Sunday, July 25, 2010

Heart Matters

Theatre Royal
Friday 23 July 2010

By Lucy Wilson Magnus

The heart of Tasdance’s premier, heart matters, beats from the orchestra pit, where the Tasmanian Symphony Orchestra, conducted by Kenneth Young, sat in relative darkness. It’s no surprise that Artistic Director Annie Greig’s dream to collaborate with the TSO was the seed for this production.

The first of two pieces, Racing Heart by choreographer Chrissie Parrott, was about love. It showed a love that was colourful, busy, delicate and juicy. The dancers wore the colour, in what looked like silk, and sometimes in the perpetually fast movement I caught words written across their buttocks: THOUGHT, CARNIVAL and HEART. Colour also flooded in from a large screen animation by Jonathan Mustard, with more words about love. From where I was sitting I couldn’t see the screen without putting my head on my knees, but perhaps that didn’t matter, as its light provided a vibrant glow to illuminate the bodies – which was enough.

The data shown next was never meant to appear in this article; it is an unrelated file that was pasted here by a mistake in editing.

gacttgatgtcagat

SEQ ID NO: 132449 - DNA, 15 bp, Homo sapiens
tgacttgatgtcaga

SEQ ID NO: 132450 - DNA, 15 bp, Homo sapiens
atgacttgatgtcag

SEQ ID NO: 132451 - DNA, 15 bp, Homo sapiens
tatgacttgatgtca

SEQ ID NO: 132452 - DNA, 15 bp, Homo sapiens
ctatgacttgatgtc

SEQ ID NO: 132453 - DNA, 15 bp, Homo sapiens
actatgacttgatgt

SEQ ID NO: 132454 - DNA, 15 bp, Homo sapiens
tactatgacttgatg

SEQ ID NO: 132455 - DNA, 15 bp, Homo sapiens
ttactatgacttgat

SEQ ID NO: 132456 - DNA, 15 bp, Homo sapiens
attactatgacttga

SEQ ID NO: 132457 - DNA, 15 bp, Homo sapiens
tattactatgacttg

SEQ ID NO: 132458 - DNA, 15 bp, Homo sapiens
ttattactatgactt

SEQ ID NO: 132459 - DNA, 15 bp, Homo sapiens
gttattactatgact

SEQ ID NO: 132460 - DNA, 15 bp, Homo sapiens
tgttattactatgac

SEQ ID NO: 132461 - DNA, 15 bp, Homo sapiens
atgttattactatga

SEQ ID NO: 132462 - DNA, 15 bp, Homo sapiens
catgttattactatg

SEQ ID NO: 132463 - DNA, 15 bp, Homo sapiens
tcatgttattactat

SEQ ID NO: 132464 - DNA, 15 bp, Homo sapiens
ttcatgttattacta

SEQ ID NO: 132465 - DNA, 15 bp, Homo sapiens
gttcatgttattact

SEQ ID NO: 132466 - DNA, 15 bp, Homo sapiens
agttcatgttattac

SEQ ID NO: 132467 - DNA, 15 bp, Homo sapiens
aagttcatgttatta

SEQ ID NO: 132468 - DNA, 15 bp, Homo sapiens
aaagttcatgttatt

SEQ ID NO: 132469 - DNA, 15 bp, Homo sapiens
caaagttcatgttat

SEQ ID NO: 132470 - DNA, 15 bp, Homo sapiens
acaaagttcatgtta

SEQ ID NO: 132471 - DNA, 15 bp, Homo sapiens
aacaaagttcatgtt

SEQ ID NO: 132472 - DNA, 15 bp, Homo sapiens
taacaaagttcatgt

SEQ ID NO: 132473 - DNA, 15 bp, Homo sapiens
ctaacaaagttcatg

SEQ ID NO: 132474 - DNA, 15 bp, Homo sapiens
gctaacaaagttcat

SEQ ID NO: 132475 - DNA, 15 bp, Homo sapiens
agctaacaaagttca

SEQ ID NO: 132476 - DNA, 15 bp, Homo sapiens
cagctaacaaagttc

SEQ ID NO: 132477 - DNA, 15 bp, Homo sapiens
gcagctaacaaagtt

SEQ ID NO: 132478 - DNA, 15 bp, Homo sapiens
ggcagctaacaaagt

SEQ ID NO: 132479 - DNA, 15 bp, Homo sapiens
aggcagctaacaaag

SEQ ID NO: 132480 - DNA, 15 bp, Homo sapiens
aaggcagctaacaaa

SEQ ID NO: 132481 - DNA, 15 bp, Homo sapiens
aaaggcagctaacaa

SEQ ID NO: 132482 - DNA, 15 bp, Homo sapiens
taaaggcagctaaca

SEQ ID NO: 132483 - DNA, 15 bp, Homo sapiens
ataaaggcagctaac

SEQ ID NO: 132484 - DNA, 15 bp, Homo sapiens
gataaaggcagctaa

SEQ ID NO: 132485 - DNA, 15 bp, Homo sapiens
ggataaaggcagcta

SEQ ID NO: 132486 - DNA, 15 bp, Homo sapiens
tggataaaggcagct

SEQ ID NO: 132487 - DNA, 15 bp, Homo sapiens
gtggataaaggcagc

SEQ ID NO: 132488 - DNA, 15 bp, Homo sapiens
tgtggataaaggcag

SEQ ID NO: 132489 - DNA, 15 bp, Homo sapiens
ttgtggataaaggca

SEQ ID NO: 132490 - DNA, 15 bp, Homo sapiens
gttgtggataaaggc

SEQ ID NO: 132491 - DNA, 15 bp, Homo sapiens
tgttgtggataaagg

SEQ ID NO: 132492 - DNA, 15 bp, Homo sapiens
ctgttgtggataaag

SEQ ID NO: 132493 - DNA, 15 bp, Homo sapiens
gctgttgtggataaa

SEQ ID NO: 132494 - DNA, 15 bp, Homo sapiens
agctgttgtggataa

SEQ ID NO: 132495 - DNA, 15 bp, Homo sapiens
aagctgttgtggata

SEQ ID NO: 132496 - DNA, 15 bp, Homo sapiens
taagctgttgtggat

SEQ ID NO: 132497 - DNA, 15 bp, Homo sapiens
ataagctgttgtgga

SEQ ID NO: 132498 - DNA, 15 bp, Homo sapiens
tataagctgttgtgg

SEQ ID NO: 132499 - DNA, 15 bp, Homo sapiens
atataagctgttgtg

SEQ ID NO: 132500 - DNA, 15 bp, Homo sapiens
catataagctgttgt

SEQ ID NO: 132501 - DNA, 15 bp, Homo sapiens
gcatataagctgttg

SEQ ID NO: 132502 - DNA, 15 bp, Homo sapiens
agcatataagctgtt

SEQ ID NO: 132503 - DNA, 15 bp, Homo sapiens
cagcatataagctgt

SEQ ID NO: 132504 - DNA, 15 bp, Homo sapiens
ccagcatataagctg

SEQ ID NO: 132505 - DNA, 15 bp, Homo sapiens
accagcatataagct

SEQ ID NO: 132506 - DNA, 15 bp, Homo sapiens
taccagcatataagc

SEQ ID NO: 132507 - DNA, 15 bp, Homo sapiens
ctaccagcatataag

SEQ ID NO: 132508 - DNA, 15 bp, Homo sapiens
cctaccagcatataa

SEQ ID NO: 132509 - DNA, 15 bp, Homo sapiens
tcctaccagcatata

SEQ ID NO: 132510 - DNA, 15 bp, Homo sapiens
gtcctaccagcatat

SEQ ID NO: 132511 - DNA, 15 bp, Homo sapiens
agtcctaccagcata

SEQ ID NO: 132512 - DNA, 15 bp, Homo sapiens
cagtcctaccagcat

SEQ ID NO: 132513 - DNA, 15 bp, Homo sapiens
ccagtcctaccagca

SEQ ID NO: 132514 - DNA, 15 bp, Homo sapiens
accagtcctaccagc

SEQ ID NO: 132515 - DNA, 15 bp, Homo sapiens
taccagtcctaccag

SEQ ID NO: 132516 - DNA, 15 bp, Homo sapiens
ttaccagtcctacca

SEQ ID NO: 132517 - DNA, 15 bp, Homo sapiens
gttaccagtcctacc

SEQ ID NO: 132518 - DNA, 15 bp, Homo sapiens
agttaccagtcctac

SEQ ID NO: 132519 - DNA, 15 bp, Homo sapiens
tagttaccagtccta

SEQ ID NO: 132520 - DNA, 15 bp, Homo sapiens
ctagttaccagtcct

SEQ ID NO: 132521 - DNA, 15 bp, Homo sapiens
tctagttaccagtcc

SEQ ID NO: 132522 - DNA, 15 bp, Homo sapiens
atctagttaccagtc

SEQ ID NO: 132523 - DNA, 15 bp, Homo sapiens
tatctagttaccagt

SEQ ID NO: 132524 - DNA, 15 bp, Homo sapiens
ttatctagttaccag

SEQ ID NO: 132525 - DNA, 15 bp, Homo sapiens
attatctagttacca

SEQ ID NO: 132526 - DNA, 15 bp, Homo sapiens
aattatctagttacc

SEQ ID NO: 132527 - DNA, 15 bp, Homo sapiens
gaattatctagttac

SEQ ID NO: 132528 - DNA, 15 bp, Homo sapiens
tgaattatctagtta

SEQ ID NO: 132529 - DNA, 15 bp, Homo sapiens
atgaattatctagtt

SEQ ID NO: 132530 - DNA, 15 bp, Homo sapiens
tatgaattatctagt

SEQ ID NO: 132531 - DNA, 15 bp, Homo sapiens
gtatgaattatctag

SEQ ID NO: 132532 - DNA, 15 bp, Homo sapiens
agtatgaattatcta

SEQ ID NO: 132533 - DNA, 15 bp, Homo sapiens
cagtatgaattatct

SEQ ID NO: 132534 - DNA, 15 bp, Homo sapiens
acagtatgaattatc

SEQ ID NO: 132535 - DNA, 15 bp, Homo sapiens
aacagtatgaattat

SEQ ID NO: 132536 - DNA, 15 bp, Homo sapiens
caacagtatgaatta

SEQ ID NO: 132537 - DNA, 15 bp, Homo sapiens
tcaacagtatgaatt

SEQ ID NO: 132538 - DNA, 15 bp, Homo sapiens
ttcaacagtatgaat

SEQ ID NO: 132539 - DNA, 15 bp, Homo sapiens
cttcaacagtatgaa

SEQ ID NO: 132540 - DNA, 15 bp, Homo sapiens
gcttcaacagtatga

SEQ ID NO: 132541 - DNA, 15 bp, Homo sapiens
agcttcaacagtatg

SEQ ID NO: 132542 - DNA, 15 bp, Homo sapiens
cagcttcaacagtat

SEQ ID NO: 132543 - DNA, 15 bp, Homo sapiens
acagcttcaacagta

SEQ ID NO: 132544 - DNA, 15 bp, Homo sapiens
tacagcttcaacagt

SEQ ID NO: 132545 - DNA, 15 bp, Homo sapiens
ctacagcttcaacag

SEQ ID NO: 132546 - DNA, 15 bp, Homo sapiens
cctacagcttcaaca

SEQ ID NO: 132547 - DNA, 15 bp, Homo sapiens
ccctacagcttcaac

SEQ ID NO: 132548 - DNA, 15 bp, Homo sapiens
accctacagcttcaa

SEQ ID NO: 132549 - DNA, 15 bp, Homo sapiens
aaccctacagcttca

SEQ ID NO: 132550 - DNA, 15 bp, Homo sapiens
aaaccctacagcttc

Composer Constantine Koukias was commissioned for the piece and created a score with repetition and poise, where the timbre of the strings filled the Theatre Royal. It was at the end of the dance, when a lone figure, the ever-watchable Trisha Dunn, was silhouetted with the vibrant light descended behind her, that the work finally found resonance with me.

The second piece Forty Miles – a river of dreams by Graeme Murphy, was inspired by his late father’s poem The Tamar Valley; and the opportunity to work with Tasdance was a creative Tasmanian homecoming for him. This piece took on what I regard as a perilous challenge – to emulate nature. Nature does itself so well. It’s very difficult to do it justice on a black stage. And while Leon Krasenstein’s set tried, the literalism unfortunately worked against what the publicity blurb espoused as “…free(ing) the poetic forces locked within our hearts”.

I was, however, drawn into the dance. The duet by Joel Corpuz and Floeur Alder had an unusual but compelling force of interacting strength and fragility. I later learnt that Floeur Alder had been very ill the lead up to opening night, and hence their performance showed great heart.

The TSO again pumped the domed ceiling of the theatre, this time with Carl Vine’s composition, including a nimble escalating flow of violin by soloist Jun Yi Ma.

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